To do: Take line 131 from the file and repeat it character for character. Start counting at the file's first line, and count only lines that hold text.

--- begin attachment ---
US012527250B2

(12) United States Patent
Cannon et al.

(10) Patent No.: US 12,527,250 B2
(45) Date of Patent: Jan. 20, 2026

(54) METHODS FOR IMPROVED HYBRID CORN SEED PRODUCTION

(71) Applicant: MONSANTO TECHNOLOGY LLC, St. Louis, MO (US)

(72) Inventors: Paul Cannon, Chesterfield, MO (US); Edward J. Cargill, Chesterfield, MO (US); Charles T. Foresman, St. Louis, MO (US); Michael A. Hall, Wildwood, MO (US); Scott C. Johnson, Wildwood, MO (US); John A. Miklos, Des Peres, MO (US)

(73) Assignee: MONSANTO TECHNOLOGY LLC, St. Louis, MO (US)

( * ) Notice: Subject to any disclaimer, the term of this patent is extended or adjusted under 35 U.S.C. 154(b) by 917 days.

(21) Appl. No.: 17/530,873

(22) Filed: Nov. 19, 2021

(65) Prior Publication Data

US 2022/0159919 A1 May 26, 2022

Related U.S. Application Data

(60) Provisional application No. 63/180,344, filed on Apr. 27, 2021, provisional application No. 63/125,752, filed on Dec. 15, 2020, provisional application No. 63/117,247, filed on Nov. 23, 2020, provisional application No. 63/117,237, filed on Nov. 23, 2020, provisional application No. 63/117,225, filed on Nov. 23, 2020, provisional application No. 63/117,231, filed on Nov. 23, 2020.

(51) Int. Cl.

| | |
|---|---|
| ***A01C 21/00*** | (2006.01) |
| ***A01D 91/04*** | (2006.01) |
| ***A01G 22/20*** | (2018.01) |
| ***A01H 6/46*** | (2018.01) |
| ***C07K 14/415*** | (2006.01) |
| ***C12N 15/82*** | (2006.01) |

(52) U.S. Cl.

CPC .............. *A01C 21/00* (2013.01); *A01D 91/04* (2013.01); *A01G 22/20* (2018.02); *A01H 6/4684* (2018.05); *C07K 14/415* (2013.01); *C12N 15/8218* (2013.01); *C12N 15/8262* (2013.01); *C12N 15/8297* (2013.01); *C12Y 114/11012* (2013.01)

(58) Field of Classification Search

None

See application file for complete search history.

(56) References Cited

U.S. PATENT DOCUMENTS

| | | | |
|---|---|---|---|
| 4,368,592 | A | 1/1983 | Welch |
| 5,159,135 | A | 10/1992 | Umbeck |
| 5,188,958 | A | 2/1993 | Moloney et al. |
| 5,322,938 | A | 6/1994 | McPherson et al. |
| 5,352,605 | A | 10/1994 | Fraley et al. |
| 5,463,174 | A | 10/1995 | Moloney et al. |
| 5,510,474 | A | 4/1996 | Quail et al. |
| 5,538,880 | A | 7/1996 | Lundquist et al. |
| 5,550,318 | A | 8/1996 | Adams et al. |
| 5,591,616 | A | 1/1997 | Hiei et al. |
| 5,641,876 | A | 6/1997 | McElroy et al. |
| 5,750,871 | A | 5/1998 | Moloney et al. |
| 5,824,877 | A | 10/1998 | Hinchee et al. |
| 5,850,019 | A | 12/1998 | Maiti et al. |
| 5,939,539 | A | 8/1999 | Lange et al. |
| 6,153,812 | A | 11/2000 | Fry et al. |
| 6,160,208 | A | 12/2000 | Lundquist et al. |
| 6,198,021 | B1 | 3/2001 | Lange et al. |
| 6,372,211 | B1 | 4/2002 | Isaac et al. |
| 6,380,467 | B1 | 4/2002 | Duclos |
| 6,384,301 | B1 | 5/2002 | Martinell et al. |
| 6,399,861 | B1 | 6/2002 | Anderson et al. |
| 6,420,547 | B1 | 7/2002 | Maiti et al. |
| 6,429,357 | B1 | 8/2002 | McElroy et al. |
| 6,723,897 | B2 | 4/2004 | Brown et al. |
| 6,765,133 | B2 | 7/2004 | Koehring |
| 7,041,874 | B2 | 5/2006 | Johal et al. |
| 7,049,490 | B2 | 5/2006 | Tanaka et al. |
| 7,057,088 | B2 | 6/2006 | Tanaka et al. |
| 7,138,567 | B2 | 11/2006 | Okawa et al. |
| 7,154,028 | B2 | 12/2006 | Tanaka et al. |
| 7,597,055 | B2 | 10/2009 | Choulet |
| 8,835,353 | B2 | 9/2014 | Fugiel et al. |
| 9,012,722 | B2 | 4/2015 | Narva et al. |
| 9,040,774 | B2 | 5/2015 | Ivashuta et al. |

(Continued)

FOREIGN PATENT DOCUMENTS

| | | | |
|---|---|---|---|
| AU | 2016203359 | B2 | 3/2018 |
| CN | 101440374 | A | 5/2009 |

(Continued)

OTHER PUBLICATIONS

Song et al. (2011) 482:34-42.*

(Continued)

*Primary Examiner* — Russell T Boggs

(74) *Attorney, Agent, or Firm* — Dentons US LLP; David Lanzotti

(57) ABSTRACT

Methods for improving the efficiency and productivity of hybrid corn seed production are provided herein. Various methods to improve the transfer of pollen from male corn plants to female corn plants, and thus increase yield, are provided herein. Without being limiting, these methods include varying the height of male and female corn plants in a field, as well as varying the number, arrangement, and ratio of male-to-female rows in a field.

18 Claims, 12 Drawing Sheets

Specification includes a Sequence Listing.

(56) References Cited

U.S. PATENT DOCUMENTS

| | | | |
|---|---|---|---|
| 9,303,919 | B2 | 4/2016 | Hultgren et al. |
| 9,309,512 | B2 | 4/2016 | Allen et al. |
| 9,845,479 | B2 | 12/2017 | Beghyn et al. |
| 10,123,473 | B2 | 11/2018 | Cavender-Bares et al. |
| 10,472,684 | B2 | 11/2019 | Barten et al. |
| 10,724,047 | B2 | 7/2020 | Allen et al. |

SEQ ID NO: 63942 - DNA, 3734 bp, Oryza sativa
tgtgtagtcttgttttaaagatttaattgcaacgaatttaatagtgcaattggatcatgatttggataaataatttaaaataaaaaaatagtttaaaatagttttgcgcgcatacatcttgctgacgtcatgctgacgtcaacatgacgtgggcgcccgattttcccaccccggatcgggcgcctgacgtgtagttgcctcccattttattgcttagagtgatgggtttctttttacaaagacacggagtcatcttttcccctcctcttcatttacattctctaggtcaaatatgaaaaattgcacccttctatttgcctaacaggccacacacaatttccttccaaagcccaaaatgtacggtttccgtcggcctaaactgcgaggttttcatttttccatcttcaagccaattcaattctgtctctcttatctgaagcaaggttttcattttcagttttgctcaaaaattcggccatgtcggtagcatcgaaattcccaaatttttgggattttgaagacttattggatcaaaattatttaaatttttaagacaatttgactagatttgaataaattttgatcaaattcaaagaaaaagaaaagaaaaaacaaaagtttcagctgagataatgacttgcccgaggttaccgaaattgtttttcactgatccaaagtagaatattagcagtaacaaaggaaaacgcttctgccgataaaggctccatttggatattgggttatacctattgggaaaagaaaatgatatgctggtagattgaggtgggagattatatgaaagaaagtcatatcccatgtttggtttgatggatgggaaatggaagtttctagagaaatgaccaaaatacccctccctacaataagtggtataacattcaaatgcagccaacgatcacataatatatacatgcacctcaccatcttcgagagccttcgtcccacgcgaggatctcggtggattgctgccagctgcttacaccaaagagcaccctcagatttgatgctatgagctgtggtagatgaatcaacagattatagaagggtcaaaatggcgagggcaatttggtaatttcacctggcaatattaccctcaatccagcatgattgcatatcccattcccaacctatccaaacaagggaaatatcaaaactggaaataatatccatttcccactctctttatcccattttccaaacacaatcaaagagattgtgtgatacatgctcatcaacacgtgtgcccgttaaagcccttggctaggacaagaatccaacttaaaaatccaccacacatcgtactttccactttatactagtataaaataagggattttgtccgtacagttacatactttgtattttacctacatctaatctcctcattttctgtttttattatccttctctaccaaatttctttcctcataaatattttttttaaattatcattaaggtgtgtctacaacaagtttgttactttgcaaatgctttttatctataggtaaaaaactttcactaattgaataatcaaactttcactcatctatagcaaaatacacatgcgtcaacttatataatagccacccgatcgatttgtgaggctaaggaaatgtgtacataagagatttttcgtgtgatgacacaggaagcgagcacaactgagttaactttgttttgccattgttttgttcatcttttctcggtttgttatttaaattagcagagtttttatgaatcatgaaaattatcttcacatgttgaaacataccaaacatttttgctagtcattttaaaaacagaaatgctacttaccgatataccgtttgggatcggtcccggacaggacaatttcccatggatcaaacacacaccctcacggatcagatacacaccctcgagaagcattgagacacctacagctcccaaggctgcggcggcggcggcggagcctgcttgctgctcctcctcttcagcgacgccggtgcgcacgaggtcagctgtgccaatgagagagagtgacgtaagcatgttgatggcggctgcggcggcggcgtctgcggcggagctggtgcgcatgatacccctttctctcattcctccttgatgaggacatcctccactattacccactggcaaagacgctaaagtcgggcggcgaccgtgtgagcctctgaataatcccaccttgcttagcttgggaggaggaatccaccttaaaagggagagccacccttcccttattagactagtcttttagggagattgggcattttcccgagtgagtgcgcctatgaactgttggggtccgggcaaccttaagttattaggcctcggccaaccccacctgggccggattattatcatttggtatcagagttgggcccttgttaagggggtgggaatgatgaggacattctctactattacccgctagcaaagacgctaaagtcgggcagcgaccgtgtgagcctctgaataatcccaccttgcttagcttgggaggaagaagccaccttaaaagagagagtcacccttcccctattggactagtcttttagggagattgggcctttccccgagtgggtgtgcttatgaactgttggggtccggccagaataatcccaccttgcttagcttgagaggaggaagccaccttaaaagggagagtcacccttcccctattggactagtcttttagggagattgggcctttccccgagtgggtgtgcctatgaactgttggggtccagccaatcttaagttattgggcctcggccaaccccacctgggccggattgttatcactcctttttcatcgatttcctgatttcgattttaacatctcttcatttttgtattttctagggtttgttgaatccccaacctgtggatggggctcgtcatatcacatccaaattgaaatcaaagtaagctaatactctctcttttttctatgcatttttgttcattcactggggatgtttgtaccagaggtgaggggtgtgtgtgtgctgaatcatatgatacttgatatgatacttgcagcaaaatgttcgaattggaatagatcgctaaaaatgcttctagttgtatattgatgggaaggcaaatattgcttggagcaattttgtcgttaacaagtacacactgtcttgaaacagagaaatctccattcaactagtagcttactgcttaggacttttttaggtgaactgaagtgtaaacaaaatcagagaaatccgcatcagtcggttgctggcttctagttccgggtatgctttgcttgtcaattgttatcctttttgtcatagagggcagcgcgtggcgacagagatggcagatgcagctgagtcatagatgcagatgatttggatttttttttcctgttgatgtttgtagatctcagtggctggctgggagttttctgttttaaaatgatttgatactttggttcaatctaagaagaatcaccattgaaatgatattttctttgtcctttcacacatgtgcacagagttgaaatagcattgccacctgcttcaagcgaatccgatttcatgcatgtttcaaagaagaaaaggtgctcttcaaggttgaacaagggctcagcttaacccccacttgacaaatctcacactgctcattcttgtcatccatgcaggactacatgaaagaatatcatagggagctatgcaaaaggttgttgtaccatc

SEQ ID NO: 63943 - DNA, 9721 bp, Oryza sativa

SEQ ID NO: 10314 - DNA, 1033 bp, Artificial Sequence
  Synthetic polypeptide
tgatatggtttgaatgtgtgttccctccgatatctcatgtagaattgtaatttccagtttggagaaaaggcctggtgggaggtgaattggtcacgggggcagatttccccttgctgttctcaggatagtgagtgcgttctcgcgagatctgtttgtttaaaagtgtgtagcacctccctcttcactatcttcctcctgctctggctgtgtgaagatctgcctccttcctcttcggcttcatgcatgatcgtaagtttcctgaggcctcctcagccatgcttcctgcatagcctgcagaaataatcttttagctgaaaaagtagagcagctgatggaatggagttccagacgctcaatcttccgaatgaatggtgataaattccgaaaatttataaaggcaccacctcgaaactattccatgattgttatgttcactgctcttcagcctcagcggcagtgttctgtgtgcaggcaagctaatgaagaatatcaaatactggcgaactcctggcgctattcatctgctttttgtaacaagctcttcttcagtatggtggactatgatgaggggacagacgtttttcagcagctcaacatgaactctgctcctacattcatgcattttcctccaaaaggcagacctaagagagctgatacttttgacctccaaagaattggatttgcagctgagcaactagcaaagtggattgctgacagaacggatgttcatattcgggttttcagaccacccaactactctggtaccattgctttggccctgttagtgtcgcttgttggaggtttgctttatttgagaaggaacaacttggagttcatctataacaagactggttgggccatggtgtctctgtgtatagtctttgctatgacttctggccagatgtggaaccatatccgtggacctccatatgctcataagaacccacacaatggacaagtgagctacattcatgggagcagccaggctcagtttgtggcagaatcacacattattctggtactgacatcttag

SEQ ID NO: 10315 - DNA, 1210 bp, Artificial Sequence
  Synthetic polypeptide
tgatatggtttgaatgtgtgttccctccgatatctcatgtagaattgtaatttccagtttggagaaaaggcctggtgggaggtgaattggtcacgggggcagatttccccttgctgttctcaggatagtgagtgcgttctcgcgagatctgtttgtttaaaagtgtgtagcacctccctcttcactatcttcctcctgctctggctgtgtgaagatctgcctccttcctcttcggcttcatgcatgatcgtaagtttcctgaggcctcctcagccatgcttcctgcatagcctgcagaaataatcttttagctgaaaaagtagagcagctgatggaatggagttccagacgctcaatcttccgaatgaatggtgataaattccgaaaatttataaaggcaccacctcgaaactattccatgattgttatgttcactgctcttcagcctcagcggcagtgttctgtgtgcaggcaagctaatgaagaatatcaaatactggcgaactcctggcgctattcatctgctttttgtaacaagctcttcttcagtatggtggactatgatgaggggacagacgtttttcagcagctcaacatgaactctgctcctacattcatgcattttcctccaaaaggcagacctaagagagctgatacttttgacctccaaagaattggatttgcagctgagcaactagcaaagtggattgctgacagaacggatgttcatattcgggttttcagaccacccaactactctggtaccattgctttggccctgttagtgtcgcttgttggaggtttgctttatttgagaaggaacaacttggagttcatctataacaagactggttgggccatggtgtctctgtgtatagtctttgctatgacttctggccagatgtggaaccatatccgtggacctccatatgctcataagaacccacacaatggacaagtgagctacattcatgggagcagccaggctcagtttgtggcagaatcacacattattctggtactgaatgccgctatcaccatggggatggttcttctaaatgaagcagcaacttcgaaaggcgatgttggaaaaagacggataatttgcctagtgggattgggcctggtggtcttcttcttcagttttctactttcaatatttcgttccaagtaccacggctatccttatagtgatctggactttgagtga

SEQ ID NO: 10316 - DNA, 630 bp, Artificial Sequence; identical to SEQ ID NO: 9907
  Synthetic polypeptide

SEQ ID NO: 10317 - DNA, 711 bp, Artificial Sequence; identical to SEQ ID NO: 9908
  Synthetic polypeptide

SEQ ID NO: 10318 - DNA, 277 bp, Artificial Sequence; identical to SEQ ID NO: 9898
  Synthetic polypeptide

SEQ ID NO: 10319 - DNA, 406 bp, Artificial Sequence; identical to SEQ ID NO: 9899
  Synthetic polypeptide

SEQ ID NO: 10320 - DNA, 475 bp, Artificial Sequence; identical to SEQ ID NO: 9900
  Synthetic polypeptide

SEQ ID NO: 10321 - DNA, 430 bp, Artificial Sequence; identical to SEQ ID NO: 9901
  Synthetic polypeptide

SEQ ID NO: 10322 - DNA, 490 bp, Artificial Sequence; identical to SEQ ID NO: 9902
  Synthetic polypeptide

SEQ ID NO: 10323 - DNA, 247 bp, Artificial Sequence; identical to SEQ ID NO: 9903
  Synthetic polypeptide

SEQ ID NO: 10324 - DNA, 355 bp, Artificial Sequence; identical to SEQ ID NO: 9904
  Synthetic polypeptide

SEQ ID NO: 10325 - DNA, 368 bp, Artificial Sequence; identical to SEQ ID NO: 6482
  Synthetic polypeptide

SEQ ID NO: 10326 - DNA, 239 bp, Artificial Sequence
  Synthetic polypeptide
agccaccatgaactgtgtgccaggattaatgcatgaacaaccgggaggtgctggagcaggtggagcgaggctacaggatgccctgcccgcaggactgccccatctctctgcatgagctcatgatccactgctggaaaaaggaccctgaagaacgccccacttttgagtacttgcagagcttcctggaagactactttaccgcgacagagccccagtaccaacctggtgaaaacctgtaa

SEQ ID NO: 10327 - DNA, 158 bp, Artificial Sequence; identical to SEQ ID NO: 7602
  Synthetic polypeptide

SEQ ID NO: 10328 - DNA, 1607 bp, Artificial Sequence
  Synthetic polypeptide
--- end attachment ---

  Synthetic polypeptide